3. The world and economy was progressing – but was constrained in terms of monetary expansion, with the exemption of the US due to the Brenton Woods agreement – Which was increasing their money base above what was agreed upon – they needed to cover the costs of the massively increased welfare and government employment expenses under the Great Society program – on top of funding the Vietnam war – Nations like France were worried about this – so wanted to withdraw their gold reserves and sent a warship to New York to do so – you also had the IMF try to introduce the SDR to replace the USD as the currency nations were pegged to – But the US under Nixon beat them too it

Enter 1970s – So what exactly happened during this period, and why was it so damaging? Like any major correction, there was a combination of different factors, being: the detethering of the currency from a physically backed asset (gold), inflation, price controls, increasing interest rates and an energy shock

  1. The first block pulled out of the Jenga tower was the floating of fiat currency – untethering the dollar from gold
    1. This is also known as the Nixon Shock – which saw the breakup of the Bretton Woods system – all of a sudden money was not constrained by a physical asset that it had to be pegged to, being gold – the US was meant to hold gold reserves for every dollar that they issued – other nations would then peg their currency to the dollar – so when the world went off a pegged system and countries went onto their own fiat currency for the first time in modern history – there was naturally many teething issues – this start to fuel high inflation during the ’70s
  2. The second shock to the economy was the energy turmoil – two oil crises has some part in helping to push inflation to record highs
    1. In October 1973, Arab members of OPEC placed an embargo on the U.S. for its support of Israel in the Yom Kippur War – Now this is before Henry Kissinger helped give birth to the petrodollar with these Arab OPEC nations in 1975 – so this embargo saw oil prices go from $23 per barrel to $62 in a matter of days – seeing an almost 3 fold increase was a massive shock – A second oil shock in 1979 led to a decrease in Iranian oiloutput due to the Iranian Revolution – so prices reached $138 at its peak in 1979 – so even without adjusting for inflation – oil was more expensive in 1979 than today showing the magnitude of pricing inflation for transportation costs alone
  3. This helped to usher in the third shock – being turbulent inflation – Under a system where money is pegged to some physical backing asset – and things are stable with little central bank intervention – inflation rates remain relatively low – For the first half of the 1960s – inflation was around 1.5% – then the US started expanding their money supply beyond their gold base – this is where inflation increased, but stayed below 5% at the end of the decade – reached a lower point at the end of 3% in 1971 – but by 1974 it was running at double digits, being 11% – by the start of 1980 it was around 13.5% after seeing a decline back to 6% in 1976 before shooting up – this is partially due to the next major shock to the economy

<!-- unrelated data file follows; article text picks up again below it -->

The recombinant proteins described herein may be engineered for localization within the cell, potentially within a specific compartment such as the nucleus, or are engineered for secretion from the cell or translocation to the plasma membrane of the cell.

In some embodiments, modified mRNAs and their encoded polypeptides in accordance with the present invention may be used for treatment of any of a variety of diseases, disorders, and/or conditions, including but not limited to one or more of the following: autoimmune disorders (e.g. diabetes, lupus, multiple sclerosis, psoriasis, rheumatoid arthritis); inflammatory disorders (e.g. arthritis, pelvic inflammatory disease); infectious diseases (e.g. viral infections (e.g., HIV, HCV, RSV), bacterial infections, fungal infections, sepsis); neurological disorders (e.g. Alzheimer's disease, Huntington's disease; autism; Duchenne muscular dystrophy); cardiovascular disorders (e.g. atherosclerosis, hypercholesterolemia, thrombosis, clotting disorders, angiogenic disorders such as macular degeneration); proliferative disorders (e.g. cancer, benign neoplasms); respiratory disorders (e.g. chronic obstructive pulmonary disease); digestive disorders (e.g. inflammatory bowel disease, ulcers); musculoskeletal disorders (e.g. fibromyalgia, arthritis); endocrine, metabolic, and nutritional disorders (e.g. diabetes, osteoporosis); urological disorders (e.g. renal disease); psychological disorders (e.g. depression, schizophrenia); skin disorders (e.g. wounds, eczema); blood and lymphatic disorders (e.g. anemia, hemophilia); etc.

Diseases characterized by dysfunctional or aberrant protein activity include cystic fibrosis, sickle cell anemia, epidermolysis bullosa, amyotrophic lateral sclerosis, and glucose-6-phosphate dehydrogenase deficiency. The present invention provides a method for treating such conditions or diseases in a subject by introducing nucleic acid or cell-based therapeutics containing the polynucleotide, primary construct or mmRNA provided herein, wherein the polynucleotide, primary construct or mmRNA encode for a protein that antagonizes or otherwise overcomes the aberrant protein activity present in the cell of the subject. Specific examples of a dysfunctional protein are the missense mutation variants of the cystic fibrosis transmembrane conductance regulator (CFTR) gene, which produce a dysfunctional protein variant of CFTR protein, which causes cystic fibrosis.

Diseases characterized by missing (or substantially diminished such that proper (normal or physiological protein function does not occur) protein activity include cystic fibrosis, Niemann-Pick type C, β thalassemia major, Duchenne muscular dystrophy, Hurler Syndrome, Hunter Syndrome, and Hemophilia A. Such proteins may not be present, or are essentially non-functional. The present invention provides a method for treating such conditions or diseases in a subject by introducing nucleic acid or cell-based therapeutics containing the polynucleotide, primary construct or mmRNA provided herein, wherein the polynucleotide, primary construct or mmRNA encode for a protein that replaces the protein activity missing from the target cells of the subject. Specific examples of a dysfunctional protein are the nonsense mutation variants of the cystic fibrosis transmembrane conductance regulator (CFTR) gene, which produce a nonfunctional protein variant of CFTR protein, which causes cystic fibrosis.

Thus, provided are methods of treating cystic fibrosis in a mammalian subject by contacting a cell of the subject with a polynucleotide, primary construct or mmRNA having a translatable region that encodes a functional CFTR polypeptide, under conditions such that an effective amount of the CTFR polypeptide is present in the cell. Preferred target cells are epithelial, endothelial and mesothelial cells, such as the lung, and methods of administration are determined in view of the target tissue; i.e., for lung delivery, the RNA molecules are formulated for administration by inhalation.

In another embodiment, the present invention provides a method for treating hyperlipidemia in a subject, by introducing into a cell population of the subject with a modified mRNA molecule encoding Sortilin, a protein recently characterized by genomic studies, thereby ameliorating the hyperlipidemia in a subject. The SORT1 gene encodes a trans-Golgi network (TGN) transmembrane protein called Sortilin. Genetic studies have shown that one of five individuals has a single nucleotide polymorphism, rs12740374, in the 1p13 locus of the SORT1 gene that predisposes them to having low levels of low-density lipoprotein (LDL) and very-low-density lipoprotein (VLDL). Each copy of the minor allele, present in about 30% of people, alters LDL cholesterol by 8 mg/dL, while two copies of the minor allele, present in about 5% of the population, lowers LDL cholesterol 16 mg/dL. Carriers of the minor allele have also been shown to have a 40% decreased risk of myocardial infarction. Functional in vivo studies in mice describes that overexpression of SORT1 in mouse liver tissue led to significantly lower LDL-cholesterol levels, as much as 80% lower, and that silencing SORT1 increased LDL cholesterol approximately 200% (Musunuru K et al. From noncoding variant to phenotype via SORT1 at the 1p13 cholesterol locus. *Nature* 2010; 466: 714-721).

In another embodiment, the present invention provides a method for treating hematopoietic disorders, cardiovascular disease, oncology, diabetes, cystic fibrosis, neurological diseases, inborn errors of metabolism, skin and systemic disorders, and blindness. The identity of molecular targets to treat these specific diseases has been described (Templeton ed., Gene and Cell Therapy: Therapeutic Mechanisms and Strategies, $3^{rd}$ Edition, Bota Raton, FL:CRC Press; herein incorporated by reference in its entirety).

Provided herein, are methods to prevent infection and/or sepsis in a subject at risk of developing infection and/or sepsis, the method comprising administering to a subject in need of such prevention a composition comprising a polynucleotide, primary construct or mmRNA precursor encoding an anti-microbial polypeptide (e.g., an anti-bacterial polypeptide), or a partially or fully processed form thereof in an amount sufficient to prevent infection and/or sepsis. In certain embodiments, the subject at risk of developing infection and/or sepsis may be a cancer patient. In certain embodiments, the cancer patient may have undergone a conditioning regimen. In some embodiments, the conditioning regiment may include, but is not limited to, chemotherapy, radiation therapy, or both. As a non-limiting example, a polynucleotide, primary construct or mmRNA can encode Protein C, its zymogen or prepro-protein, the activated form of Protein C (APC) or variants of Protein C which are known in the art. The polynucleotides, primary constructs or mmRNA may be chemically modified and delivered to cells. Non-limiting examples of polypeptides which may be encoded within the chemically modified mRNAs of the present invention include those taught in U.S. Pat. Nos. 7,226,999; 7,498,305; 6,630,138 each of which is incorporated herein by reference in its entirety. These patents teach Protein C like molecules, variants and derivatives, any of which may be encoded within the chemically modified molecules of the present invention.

4. As what didn’t help matters – even though they thought it might were governments stepping in to enact price controls
    1. The Nixon administration ended up introducing wage and price controls from 1971 to 1974, but this only slowed down prices while increasing food and energy shortages – then when they were removed prices increased massively again due to the government created shortage of goods and services
    2. Price controls always fail to achieve their desired effect – happens every time – in western or socialist countries – due to markets determining the appropriate price, if you have a government step in a set a floor for what a good can be sold for – all that happens is that if this price is below the costs of production, people simply stop producing the good – so the supply shrinks massively, and you end up with noting to sell, even if it might be cheap – due to price controls, you can see energy shortages, which is what happened in the 70s, where fuel distributors just closed down, making the shortages worse, or you saw empty the shelves of supermarkets.
  5. In the end, the last thing that shocked the markets were the increase of interest rates – with an aim to combat inflation, the Fed began to raise interest rates in 1977 – well after the worst of the initial market declines had occurred – In Aus – the worst years of the 1970s for the share market were 1973 and 1974 – resulting in losses of around 24% each year consecutively – But this increase of interest rates started to cause the economy to tip into recession in the 1980s